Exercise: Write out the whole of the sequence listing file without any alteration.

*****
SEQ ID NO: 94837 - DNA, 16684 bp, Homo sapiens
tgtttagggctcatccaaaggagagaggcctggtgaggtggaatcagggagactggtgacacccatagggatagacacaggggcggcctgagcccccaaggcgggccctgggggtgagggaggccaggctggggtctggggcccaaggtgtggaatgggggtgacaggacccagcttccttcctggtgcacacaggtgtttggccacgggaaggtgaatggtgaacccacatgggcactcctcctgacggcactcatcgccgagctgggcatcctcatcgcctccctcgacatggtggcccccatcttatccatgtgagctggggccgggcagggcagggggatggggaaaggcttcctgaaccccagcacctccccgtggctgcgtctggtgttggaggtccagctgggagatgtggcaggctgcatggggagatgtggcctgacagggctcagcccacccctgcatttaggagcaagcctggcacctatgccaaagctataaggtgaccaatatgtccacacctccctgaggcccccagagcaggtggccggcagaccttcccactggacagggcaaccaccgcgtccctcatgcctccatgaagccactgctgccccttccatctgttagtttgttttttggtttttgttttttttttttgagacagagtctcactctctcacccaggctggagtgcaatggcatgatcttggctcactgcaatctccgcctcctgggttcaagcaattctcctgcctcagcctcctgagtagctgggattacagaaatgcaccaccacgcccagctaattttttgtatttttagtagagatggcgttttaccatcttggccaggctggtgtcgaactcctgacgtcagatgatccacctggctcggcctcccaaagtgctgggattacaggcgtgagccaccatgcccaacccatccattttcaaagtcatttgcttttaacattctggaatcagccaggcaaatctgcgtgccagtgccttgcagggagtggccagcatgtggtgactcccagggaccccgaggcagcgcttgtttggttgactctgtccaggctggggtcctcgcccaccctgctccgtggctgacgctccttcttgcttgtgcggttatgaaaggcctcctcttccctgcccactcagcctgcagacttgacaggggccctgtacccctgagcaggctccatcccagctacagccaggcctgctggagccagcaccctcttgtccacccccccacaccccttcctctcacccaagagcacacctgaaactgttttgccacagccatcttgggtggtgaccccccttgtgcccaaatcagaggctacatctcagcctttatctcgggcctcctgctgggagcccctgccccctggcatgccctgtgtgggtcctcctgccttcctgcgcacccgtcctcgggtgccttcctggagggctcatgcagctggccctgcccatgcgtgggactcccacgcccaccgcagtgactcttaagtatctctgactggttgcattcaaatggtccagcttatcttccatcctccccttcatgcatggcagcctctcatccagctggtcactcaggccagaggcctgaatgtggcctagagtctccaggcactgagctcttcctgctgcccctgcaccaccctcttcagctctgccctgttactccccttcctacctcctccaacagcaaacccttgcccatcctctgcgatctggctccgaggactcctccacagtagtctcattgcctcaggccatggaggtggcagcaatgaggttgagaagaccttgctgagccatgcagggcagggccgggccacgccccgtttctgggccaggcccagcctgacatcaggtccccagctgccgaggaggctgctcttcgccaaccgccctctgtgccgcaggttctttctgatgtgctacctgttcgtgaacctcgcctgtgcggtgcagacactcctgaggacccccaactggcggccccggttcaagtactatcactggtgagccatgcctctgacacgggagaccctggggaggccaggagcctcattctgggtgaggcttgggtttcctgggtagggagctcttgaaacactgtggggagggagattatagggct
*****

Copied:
SEQ ID NO: 94837 - DNA, 16684 bp, Homo sapiens
tgtttagggctcatccaaaggagagaggcctggtgaggtggaatcagggagactggtgacacccatagggatagacacaggggcggcctgagcccccaaggcgggccctgggggtgagggaggccaggctggggtctggggcccaaggtgtggaatgggggtgacaggacccagcttccttcctggtgcacacaggtgtttggccacgggaaggtgaatggtgaacccacatgggcactcctcctgacggcactcatcgccgagctgggcatcctcatcgcctccctcgacatggtggcccccatcttatccatgtgagctggggccgggcagggcagggggatggggaaaggcttcctgaaccccagcacctccccgtggctgcgtctggtgttggaggtccagctgggagatgtggcaggctgcatggggagatgtggcctgacagggctcagcccacccctgcatttaggagcaagcctggcacctatgccaaagctataaggtgaccaatatgtccacacctccctgaggcccccagagcaggtggccggcagaccttcccactggacagggcaaccaccgcgtccctcatgcctccatgaagccactgctgccccttccatctgttagtttgttttttggtttttgttttttttttttgagacagagtctcactctctcacccaggctggagtgcaatggcatgatcttggctcactgcaatctccgcctcctgggttcaagcaattctcctgcctcagcctcctgagtagctgggattacagaaatgcaccaccacgcccagctaattttttgtatttttagtagagatggcgttttaccatcttggccaggctggtgtcgaactcctgacgtcagatgatccacctggctcggcctcccaaagtgctgggattacaggcgtgagccaccatgcccaacccatccattttcaaagtcatttgcttttaacattctggaatcagccaggcaaatctgcgtgccagtgccttgcagggagtggccagcatgtggtgactcccagggaccccgaggcagcgcttgtttggttgactctgtccaggctggggtcctcgcccaccctgctccgtggctgacgctccttcttgcttgtgcggttatgaaaggcctcctcttccctgcccactcagcctgcagacttgacaggggccctgtacccctgagcaggctccatcccagctacagccaggcctgctggagccagcaccctcttgtccacccccccacaccccttcctctcacccaagagcacacctgaaactgttttgccacagccatcttgggtggtgaccccccttgtgcccaaatcagaggctacatctcagcctttatctcgggcctcctgctgggagcccctgccccctggcatgccctgtgtgggtcctcctgccttcctgcgcacccgtcctcgggtgccttcctggagggctcatgcagctggccctgcccatgcgtgggactcccacgcccaccgcagtgactcttaagtatctctgactggttgcattcaaatggtccagcttatcttccatcctccccttcatgcatggcagcctctcatccagctggtcactcaggccagaggcctgaatgtggcctagagtctccaggcactgagctcttcctgctgcccctgcaccaccctcttcagctctgccctgttactccccttcctacctcctccaacagcaaacccttgcccatcctctgcgatctggctccgaggactcctccacagtagtctcattgcctcaggccatggaggtggcagcaatgaggttgagaagaccttgctgagccatgcagggcagggccgggccacgccccgtttctgggccaggcccagcctgacatcaggtccccagctgccgaggaggctgctcttcgccaaccgccctctgtgccgcaggttctttctgatgtgctacctgttcgtgaacctcgcctgtgcggtgcagacactcctgaggacccccaactggcggccccggttcaagtactatcactggtgagccatgcctctgacacgggagaccctggggaggccaggagcctcattctgggtgaggcttgggtttcctgggtagggagctcttgaaacactgtggggagggagattatagggct